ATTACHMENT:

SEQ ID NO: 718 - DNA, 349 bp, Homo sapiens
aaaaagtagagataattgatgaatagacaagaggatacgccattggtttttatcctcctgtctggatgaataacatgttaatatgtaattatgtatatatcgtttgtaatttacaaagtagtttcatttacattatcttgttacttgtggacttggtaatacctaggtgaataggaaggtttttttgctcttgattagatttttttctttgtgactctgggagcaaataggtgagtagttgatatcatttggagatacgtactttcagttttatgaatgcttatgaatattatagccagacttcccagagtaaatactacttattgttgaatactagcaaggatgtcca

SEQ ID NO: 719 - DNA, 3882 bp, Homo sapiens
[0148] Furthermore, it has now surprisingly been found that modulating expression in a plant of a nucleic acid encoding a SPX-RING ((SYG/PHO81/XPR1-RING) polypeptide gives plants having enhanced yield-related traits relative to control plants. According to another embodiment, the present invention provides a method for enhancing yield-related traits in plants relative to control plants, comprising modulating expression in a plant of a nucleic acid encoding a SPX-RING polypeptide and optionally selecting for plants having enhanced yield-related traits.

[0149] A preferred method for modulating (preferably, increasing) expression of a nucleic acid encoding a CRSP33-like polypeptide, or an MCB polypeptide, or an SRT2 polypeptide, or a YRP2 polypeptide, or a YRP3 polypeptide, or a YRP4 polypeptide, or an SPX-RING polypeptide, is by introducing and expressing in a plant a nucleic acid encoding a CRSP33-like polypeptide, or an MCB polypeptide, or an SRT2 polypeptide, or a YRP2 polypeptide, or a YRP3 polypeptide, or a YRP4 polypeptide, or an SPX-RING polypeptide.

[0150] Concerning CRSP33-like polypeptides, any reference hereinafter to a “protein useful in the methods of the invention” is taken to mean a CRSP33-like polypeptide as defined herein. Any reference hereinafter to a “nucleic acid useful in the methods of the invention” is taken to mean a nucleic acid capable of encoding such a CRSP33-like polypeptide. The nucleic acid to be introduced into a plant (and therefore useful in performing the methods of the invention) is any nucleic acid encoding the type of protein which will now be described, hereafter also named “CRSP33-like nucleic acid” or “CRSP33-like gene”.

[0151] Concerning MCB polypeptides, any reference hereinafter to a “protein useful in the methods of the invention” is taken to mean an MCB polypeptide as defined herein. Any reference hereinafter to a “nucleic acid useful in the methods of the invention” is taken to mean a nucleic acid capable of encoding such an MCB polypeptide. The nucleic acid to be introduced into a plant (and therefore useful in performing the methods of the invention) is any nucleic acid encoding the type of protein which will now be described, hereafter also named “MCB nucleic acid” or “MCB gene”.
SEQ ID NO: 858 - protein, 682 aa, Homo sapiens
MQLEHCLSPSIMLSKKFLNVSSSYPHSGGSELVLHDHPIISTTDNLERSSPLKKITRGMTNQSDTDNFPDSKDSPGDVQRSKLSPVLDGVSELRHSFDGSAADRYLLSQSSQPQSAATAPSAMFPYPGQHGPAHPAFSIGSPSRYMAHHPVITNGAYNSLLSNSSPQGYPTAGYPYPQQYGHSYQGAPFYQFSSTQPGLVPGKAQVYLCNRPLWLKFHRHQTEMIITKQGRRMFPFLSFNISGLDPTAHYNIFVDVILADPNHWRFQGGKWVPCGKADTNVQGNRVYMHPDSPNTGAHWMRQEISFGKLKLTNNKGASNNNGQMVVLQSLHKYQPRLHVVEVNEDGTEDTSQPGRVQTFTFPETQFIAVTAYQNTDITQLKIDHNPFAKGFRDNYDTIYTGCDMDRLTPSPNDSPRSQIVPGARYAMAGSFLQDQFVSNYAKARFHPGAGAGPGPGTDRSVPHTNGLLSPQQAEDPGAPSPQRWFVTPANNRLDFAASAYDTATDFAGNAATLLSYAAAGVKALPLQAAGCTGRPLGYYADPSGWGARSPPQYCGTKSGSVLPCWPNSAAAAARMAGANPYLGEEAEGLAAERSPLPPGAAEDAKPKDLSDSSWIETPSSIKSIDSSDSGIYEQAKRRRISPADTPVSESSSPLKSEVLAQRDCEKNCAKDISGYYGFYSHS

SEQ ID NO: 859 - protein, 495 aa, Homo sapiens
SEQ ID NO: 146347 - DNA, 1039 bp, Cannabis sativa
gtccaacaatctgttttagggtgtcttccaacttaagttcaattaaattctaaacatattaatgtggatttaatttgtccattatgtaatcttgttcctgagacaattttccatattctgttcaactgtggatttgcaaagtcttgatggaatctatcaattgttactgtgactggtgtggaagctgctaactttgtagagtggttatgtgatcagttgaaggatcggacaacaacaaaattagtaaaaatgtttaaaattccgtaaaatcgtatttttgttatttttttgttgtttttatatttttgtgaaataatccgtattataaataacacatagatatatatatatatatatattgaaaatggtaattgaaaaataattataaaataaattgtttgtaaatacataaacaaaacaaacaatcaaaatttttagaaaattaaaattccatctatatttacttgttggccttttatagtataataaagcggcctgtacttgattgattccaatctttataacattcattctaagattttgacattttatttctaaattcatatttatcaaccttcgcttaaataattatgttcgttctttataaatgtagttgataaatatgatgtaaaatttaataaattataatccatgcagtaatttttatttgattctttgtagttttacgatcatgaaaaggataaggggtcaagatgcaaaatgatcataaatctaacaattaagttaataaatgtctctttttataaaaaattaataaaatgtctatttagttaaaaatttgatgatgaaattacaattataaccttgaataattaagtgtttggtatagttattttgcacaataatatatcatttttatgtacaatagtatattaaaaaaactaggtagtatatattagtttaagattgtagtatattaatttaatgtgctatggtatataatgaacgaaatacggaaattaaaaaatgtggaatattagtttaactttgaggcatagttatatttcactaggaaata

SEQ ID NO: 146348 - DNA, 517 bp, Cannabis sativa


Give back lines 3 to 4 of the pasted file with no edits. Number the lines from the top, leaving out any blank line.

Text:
SEQ ID NO: 719 - DNA, 3882 bp, Homo sapiens
[0148] Furthermore, it has now surprisingly been found that modulating expression in a plant of a nucleic acid encoding a SPX-RING ((SYG/PHO81/XPR1-RING) polypeptide gives plants having enhanced yield-related traits relative to control plants. According to another embodiment, the present invention provides a method for enhancing yield-related traits in plants relative to control plants, comprising modulating expression in a plant of a nucleic acid encoding a SPX-RING polypeptide and optionally selecting for plants having enhanced yield-related traits.